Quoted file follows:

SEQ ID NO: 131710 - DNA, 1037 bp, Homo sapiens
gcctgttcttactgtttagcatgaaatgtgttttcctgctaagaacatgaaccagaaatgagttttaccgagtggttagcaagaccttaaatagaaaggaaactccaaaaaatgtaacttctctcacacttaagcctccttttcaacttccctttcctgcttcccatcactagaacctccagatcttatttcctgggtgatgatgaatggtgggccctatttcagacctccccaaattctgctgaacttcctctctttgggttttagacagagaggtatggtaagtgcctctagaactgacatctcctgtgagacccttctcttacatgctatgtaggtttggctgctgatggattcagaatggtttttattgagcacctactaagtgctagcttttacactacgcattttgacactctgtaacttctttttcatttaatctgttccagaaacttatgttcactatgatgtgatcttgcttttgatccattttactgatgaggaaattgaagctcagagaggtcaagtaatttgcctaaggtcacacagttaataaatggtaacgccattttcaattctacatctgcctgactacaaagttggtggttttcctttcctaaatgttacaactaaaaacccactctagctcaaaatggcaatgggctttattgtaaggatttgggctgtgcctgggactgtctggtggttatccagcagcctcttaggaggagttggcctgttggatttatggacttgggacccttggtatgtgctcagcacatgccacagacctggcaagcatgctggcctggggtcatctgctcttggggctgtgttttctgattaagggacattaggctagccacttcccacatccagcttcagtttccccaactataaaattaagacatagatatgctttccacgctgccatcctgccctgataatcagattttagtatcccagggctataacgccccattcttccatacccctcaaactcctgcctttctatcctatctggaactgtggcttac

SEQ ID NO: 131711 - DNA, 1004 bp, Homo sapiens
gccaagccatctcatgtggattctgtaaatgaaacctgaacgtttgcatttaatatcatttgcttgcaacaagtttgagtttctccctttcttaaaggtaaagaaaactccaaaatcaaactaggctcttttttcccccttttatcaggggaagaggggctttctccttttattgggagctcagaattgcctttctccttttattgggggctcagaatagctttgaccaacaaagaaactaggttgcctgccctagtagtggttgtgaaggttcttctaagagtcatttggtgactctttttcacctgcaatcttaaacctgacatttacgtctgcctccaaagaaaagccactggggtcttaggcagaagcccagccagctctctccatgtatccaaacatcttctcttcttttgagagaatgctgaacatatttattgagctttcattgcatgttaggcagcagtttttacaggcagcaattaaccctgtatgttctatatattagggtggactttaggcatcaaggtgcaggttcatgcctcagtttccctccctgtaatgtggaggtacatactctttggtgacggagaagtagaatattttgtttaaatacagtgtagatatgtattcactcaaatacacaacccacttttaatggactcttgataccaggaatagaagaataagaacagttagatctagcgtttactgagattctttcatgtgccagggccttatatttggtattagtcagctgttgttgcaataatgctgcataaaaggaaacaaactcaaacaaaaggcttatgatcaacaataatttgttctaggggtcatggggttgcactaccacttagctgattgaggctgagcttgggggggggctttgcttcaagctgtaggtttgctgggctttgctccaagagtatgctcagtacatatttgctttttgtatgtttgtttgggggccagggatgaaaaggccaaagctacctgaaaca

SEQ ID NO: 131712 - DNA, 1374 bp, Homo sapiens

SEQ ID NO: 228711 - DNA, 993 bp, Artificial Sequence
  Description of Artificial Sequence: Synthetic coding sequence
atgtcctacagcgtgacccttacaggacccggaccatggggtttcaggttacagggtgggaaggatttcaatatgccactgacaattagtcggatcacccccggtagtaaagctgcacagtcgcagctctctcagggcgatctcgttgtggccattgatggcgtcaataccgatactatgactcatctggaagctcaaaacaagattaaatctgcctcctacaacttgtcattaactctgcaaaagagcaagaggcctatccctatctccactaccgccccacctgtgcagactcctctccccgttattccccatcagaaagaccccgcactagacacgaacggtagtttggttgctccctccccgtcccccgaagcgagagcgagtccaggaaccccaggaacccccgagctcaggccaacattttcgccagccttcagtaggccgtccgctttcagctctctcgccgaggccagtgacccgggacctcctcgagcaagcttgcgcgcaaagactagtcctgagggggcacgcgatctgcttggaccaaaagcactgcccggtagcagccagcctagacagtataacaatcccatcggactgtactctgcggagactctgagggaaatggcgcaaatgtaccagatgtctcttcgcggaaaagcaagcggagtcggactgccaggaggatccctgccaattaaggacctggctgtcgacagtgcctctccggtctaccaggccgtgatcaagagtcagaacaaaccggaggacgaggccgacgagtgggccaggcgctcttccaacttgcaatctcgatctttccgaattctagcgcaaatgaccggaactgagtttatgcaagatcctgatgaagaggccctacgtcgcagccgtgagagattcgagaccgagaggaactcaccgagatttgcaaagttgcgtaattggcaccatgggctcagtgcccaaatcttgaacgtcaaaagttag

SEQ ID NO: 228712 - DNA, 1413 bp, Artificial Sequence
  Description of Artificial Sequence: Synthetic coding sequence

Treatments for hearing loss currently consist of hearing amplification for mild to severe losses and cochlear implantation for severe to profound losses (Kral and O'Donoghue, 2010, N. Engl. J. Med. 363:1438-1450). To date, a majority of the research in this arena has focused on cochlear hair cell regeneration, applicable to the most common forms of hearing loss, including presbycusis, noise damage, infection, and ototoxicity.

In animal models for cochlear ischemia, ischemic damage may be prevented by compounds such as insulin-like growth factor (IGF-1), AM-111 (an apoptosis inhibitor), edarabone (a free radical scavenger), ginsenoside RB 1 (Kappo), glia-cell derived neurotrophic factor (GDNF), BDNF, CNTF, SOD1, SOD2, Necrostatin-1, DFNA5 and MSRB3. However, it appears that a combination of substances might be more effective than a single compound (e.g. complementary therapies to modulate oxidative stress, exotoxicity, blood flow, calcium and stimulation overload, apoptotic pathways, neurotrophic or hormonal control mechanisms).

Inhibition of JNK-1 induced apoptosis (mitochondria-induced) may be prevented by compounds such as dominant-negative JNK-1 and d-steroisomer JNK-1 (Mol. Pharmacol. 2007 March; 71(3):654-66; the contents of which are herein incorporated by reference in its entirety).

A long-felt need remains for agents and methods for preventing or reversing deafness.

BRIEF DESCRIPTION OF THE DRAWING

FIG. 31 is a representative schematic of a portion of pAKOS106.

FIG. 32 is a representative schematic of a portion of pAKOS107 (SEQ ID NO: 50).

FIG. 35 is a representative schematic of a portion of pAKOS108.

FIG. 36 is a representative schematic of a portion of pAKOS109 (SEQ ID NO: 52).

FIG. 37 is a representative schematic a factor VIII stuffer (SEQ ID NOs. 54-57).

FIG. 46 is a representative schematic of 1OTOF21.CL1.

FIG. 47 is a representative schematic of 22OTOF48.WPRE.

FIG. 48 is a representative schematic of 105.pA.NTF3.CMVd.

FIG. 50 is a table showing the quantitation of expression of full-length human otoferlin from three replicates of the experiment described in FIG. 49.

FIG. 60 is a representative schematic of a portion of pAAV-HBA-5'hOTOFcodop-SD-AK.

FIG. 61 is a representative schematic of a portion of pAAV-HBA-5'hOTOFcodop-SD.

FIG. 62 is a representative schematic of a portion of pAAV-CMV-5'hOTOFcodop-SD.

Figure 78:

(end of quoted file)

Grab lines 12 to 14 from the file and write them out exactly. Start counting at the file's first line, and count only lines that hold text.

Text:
In animal models for cochlear ischemia, ischemic damage may be prevented by compounds such as insulin-like growth factor (IGF-1), AM-111 (an apoptosis inhibitor), edarabone (a free radical scavenger), ginsenoside RB 1 (Kappo), glia-cell derived neurotrophic factor (GDNF), BDNF, CNTF, SOD1, SOD2, Necrostatin-1, DFNA5 and MSRB3. However, it appears that a combination of substances might be more effective than a single compound (e.g. complementary therapies to modulate oxidative stress, exotoxicity, blood flow, calcium and stimulation overload, apoptotic pathways, neurotrophic or hormonal control mechanisms).

Inhibition of JNK-1 induced apoptosis (mitochondria-induced) may be prevented by compounds such as dominant-negative JNK-1 and d-steroisomer JNK-1 (Mol. Pharmacol. 2007 March; 71(3):654-66; the contents of which are herein incorporated by reference in its entirety).

A long-felt need remains for agents and methods for preventing or reversing deafness.